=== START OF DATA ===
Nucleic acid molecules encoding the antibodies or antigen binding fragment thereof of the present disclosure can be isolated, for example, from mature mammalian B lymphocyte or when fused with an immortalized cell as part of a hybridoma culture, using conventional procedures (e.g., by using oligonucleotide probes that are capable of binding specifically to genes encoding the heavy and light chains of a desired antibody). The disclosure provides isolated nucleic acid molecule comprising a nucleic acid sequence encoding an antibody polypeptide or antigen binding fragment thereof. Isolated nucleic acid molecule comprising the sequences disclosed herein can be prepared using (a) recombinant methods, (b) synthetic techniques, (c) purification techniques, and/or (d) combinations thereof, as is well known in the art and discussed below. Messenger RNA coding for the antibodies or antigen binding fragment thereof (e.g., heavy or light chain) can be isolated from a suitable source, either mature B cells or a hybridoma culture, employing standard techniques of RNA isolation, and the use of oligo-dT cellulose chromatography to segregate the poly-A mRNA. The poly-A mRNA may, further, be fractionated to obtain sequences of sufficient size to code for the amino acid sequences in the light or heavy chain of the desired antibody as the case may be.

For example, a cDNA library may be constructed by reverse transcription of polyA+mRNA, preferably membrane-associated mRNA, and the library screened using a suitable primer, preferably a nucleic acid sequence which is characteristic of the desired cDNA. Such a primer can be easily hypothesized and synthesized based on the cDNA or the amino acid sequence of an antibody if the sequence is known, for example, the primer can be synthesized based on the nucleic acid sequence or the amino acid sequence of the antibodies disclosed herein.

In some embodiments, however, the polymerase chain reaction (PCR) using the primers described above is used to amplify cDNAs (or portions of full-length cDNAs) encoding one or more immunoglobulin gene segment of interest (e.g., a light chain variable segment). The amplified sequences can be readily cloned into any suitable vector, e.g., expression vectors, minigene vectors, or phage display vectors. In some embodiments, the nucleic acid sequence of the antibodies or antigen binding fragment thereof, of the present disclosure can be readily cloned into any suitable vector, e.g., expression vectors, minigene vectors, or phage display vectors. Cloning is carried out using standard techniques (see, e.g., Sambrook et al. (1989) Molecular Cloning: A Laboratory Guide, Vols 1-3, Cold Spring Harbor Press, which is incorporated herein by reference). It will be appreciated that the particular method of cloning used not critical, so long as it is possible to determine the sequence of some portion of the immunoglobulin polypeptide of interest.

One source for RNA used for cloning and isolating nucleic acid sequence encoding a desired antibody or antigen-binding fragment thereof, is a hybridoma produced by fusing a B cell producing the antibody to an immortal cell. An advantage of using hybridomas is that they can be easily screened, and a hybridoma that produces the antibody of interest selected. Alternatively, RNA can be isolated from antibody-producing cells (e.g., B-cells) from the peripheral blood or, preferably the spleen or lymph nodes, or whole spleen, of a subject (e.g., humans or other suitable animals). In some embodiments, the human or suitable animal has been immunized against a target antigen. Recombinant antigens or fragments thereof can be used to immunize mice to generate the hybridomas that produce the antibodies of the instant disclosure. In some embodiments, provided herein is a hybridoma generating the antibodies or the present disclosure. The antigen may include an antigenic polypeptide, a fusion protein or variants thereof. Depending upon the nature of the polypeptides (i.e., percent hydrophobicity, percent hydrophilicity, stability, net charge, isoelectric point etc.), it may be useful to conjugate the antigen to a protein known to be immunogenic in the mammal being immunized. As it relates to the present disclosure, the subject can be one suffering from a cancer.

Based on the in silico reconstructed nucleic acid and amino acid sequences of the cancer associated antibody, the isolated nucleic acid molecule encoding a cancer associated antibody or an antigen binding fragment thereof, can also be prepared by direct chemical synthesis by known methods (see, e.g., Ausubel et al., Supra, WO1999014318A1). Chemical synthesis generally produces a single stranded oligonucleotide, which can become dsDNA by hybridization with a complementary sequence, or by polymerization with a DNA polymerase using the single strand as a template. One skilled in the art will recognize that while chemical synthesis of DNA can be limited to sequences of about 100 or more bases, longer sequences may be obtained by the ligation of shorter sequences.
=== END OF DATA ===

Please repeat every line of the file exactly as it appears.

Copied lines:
Nucleic acid molecules encoding the antibodies or antigen binding fragment thereof of the present disclosure can be isolated, for example, from mature mammalian B lymphocyte or when fused with an immortalized cell as part of a hybridoma culture, using conventional procedures (e.g., by using oligonucleotide probes that are capable of binding specifically to genes encoding the heavy and light chains of a desired antibody). The disclosure provides isolated nucleic acid molecule comprising a nucleic acid sequence encoding an antibody polypeptide or antigen binding fragment thereof. Isolated nucleic acid molecule comprising the sequences disclosed herein can be prepared using (a) recombinant methods, (b) synthetic techniques, (c) purification techniques, and/or (d) combinations thereof, as is well known in the art and discussed below. Messenger RNA coding for the antibodies or antigen binding fragment thereof (e.g., heavy or light chain) can be isolated from a suitable source, either mature B cells or a hybridoma culture, employing standard techniques of RNA isolation, and the use of oligo-dT cellulose chromatography to segregate the poly-A mRNA. The poly-A mRNA may, further, be fractionated to obtain sequences of sufficient size to code for the amino acid sequences in the light or heavy chain of the desired antibody as the case may be.

For example, a cDNA library may be constructed by reverse transcription of polyA+mRNA, preferably membrane-associated mRNA, and the library screened using a suitable primer, preferably a nucleic acid sequence which is characteristic of the desired cDNA. Such a primer can be easily hypothesized and synthesized based on the cDNA or the amino acid sequence of an antibody if the sequence is known, for example, the primer can be synthesized based on the nucleic acid sequence or the amino acid sequence of the antibodies disclosed herein.

In some embodiments, however, the polymerase chain reaction (PCR) using the primers described above is used to amplify cDNAs (or portions of full-length cDNAs) encoding one or more immunoglobulin gene segment of interest (e.g., a light chain variable segment). The amplified sequences can be readily cloned into any suitable vector, e.g., expression vectors, minigene vectors, or phage display vectors. In some embodiments, the nucleic acid sequence of the antibodies or antigen binding fragment thereof, of the present disclosure can be readily cloned into any suitable vector, e.g., expression vectors, minigene vectors, or phage display vectors. Cloning is carried out using standard techniques (see, e.g., Sambrook et al. (1989) Molecular Cloning: A Laboratory Guide, Vols 1-3, Cold Spring Harbor Press, which is incorporated herein by reference). It will be appreciated that the particular method of cloning used not critical, so long as it is possible to determine the sequence of some portion of the immunoglobulin polypeptide of interest.

One source for RNA used for cloning and isolating nucleic acid sequence encoding a desired antibody or antigen-binding fragment thereof, is a hybridoma produced by fusing a B cell producing the antibody to an immortal cell. An advantage of using hybridomas is that they can be easily screened, and a hybridoma that produces the antibody of interest selected. Alternatively, RNA can be isolated from antibody-producing cells (e.g., B-cells) from the peripheral blood or, preferably the spleen or lymph nodes, or whole spleen, of a subject (e.g., humans or other suitable animals). In some embodiments, the human or suitable animal has been immunized against a target antigen. Recombinant antigens or fragments thereof can be used to immunize mice to generate the hybridomas that produce the antibodies of the instant disclosure. In some embodiments, provided herein is a hybridoma generating the antibodies or the present disclosure. The antigen may include an antigenic polypeptide, a fusion protein or variants thereof. Depending upon the nature of the polypeptides (i.e., percent hydrophobicity, percent hydrophilicity, stability, net charge, isoelectric point etc.), it may be useful to conjugate the antigen to a protein known to be immunogenic in the mammal being immunized. As it relates to the present disclosure, the subject can be one suffering from a cancer.

Based on the in silico reconstructed nucleic acid and amino acid sequences of the cancer associated antibody, the isolated nucleic acid molecule encoding a cancer associated antibody or an antigen binding fragment thereof, can also be prepared by direct chemical synthesis by known methods (see, e.g., Ausubel et al., Supra, WO1999014318A1). Chemical synthesis generally produces a single stranded oligonucleotide, which can become dsDNA by hybridization with a complementary sequence, or by polymerization with a DNA polymerase using the single strand as a template. One skilled in the art will recognize that while chemical synthesis of DNA can be limited to sequences of about 100 or more bases, longer sequences may be obtained by the ligation of shorter sequences.